For sale, a mid Victorian Fortin Barometer in Ebonised Case by Louis Casella of London.
An early British example of this design of scientific barometer which has changed very little since its invention in 1800 by the Frenchman, Nicolas Fortin.
Comprised of a tubular brass body hung from a brass ring at the tip and with a brass surround at the base into which the lower part of the cistern is stabilised and levelled by three screws. The main part of the cistern is fashioned from a glass tube held down by a collar and screws around the outside and which allows the mercury level to be visible to the observer. A small internal spike hanging from the ceiling of the cistern inside allows the contents to be adjusted and levelled ahead of measurement.
The glass tube rises up through the brass body onto which an enamel backed and engraved Fahrenheit thermometer with brass protective casing is provided at the front. Where the tube reaches the dial at the top, the centre of the tube is cut away on back and front in order that the level can be observed against the scale. The silvered scale itself is engraved for 27 to 32 inches of barometric pressure to the right hand side and the left is beautifuly engraved with the maker’s name, L. Casella, Maker to the Admiralty & Ordnance, London. The base section has the serial No: 722.
The centre of the scale also contains a Vernier for more precise reading and is operated by a knurled brass turn to the bottom right of the scale. The dial is surrounded by a protective glass sleeve which may be removed by unscrewing the domed finial to the tip of the instrument.
The barometer comes complete with its original protective glazed case with hinged door and working lock and key to the base. The internal back wall is provided with white plastic backing for the cistern and the dial to ensure that the levels can be properly assessed. Clearly meant for display, this unusual example has been ebonised and has also been provided with a small and well executed carved pediment to the top, giving it a little more decorative distinction than others.
The maker, Luigi Pasquale Casella was the son of a musician who came to The British Isles in the Early Nineteenth Century and the anglicised “Louis” was born in Edinburgh in 1812. His Father eventually rose to be a music tutor to George III’s daughters but by the 1830’s, his son had apprenticed to Cesar Tagliabue, a noted Italian scientific instrument maker who had been in London since the turn of the century.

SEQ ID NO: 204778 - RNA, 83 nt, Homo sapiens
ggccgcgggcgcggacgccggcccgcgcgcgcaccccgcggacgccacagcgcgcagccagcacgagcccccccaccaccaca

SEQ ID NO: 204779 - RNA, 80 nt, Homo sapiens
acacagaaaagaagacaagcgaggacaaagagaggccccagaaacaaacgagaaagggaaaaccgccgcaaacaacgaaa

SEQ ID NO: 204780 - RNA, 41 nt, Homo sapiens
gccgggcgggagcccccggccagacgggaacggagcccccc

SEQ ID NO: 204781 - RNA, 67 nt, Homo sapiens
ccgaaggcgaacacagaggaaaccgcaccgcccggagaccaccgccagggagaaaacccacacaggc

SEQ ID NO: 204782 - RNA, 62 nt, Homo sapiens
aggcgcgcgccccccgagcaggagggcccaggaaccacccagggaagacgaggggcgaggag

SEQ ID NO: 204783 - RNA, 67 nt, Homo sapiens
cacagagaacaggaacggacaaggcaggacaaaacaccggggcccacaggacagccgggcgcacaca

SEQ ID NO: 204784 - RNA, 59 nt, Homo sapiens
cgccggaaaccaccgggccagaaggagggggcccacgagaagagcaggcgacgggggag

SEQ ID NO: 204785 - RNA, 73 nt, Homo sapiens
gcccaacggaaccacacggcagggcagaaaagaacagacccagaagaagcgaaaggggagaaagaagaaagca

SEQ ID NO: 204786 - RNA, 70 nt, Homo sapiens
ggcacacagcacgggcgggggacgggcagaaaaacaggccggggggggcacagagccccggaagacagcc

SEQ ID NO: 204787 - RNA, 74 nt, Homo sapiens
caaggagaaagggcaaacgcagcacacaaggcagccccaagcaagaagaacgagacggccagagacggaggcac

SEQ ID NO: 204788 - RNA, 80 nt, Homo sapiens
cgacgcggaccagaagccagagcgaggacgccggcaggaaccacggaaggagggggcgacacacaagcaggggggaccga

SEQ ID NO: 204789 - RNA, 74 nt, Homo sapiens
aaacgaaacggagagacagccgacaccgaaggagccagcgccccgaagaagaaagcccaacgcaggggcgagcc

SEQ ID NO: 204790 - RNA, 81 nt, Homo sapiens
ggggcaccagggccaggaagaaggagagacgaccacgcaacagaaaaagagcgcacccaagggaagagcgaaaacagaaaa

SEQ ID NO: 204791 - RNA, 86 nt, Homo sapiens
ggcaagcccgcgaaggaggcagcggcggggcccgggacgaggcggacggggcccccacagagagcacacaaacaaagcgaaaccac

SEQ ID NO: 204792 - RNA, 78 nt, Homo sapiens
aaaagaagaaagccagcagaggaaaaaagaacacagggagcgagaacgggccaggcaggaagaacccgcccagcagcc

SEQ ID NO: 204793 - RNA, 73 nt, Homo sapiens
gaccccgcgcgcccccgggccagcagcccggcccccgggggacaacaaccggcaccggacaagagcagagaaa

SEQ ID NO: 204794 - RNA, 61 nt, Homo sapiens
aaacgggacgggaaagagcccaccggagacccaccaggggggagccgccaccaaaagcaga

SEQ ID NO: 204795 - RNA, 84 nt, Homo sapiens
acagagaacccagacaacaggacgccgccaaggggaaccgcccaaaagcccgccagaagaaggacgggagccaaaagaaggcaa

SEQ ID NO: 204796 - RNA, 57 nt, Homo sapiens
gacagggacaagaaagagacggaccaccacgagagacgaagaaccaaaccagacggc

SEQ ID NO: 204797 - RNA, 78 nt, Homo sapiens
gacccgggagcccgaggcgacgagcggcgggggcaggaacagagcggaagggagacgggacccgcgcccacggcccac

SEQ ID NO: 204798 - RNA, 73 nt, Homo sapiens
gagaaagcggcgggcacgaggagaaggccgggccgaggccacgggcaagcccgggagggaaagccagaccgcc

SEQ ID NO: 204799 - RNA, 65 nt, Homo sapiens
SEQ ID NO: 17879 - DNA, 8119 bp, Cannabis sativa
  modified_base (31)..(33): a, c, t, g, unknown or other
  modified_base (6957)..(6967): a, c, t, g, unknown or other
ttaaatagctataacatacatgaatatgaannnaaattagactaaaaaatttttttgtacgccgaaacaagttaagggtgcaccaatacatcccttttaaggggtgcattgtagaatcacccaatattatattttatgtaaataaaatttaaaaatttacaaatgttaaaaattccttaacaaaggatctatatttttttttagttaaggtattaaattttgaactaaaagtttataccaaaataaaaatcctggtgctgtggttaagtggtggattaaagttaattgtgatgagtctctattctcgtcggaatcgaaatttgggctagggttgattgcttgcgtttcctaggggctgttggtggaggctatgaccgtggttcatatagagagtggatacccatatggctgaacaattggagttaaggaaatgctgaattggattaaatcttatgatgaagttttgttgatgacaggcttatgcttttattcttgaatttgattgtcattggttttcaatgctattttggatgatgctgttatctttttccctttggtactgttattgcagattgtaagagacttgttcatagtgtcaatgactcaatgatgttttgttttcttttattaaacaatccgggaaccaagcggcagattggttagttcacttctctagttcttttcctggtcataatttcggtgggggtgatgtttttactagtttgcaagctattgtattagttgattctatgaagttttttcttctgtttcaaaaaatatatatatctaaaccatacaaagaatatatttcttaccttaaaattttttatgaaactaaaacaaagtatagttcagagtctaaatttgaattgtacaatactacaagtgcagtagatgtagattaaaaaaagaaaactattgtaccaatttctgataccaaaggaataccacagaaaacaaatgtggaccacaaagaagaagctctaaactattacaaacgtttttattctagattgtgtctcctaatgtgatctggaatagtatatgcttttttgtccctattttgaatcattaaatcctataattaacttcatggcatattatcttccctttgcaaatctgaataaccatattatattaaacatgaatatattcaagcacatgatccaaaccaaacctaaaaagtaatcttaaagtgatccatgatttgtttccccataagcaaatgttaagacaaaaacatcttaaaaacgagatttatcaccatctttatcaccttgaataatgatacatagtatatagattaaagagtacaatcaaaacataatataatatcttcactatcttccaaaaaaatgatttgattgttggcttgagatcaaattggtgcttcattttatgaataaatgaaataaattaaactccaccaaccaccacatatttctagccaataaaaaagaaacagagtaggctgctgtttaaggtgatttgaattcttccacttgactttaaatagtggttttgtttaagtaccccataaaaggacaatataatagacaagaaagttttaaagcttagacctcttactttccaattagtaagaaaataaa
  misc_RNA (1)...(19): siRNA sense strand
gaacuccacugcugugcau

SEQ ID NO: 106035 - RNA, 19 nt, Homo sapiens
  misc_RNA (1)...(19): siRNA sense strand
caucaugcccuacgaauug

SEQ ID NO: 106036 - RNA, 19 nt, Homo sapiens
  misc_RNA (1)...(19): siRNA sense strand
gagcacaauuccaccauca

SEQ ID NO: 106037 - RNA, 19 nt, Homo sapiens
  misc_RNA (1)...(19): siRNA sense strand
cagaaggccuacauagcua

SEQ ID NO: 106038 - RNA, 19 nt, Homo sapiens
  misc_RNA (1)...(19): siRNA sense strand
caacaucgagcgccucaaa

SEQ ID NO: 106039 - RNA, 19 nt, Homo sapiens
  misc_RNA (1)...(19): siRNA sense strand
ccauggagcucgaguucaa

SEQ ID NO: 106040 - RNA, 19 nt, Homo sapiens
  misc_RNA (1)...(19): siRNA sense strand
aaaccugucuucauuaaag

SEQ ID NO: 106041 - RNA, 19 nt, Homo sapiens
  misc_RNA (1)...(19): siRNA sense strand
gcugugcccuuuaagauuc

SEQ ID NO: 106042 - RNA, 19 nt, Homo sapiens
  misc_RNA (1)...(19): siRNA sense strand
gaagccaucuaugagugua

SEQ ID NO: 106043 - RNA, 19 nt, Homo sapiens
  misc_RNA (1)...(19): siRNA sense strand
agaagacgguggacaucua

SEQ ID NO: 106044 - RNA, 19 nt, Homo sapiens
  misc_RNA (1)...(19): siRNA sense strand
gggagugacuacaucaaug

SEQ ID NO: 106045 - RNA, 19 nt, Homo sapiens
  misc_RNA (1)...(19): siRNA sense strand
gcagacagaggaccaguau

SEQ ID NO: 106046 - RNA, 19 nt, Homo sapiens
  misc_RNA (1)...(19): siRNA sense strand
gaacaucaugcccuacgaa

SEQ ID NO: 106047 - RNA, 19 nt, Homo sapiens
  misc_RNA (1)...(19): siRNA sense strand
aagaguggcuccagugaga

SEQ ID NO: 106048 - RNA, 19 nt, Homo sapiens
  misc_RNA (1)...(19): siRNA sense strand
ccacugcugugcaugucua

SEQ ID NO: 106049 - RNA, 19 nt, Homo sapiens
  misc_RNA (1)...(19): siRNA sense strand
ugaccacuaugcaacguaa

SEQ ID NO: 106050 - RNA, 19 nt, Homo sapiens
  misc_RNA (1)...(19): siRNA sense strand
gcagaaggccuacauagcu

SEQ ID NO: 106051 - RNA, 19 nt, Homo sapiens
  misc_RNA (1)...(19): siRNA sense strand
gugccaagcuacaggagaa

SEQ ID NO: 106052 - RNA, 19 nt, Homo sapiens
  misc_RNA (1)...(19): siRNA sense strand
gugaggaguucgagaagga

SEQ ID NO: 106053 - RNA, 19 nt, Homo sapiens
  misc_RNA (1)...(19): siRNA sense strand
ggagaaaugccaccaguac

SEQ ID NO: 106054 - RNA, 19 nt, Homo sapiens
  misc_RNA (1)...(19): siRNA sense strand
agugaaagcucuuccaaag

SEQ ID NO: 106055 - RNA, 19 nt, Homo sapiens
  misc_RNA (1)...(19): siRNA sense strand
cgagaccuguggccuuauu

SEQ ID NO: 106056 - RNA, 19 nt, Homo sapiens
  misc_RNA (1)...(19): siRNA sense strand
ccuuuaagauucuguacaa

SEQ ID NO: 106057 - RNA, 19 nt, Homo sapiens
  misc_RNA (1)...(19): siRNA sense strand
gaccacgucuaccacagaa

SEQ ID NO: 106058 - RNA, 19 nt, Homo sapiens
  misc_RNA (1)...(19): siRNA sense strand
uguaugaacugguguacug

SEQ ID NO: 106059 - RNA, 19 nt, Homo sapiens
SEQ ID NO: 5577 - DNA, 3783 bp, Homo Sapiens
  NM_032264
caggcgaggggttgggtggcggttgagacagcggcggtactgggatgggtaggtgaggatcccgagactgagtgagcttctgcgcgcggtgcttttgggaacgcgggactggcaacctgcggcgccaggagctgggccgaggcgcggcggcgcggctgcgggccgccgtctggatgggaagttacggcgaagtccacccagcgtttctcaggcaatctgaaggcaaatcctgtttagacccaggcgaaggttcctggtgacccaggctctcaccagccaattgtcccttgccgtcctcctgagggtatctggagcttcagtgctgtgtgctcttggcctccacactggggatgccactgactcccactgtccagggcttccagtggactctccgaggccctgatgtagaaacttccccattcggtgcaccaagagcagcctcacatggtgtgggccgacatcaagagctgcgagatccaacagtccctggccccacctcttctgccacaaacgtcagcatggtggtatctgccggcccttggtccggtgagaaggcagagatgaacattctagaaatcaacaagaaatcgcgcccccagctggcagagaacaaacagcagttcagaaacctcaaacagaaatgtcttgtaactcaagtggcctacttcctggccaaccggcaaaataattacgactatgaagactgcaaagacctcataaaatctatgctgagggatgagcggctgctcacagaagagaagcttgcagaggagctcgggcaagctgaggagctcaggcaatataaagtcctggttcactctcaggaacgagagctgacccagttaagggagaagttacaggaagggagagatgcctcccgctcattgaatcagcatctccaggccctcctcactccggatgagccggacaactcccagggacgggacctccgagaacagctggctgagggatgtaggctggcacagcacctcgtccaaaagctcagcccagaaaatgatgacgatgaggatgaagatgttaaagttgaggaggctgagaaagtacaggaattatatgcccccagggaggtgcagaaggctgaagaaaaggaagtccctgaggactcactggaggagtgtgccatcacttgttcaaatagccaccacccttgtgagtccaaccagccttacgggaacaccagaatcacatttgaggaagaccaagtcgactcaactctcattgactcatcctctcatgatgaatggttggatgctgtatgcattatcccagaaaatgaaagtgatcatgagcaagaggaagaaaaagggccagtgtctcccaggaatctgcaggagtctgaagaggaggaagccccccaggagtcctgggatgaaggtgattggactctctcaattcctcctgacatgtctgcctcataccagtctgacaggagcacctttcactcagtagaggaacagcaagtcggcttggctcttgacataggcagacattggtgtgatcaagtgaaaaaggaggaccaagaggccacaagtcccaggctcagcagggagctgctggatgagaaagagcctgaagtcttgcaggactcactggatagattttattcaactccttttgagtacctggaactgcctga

Casella eventually married Tagliabue’s daughter in 1837 and shortly after formed the partnership of Tagliabue and Casella with his new father in law in 1838. Tagliabue was already known to have been exporting his products to South America and Europe and must have provided Casella with a perfect grounding in both instrument making and more importantly in the business of selling them.
It is somewhat strange that this partnership should ever had existed given that Cesar is known to have had three sons, John, Anthony & Angelo but presumably his focus was on providing his daughter and her husband an equally good opportunity in life. The numerous Tagliabue’s listed in trade directories of the period would suggest that the family remained close knit in any case and the son John also went on to form an early partnership with Joseph Zambra prior to the latter’s more famous partnership with Henry Negretti in 1850.
Cesar Tagliabue died in 1844 leaving the business to be solely managed by his son in law Louis Casella and the under his long stewardship became one of the most renowned scientific instrument making firms of the nineteenth century, providing products to the likes of Darwin and Livingstone. Cordial relations were almost certainly maintained with Negretti & Zambra over the years as Casella’s catalogue of the 1860’s shares numerous similarities with his competitor. Both were equally capable makers so it suggests that the parties were probably sharing manufacturing practises to create greater industry and both exhibited with great success at The Great Exhibition and the following Exhibition of 1862 where Casella was awarded a prize for his meteorological instruments.
By this point, his catalogues state that he was employed as an instrument maker to The Admiralty, The Board of Trade, Board of Ordnance, The War Department, The Royal Observatories at Kew and The Cape of Good Hope and numerous Governments and Universities.
Casella’s sons, Louis Marino and Charles Frederick both trained under their Father alongside other members of the Tagliabue family and also the latterly famous JJ Hicks who was perhaps the most promising of all of those that emanated from his workshop. He eventually died in 1897 whereafter Charles took over the sole ownership of the company.
Sadly, the younger son did not possess the same level of business acumen and skill as his Father and the business had become rather run down by 1905 but it was incorporated in 1910 and with the assistance of more adept management from Rowland Miall and Robert Abraham, manged to regain its momentum. The First and Second World Wars saw it engaged in numerous Governmental contracts but also saw the deaths of both of Casella’s sons, finally severing the link with the original family.
Casella is one of the few companies of this period that still remains in existence today, it continued to provide meteorological instruments throughout much of the Twentieth Century but the focus of the business has since diversified into environmental sampling and monitoring products.
An extraordinarily good early example with a very distinctive case and a nice early example of Louis Casella’s output.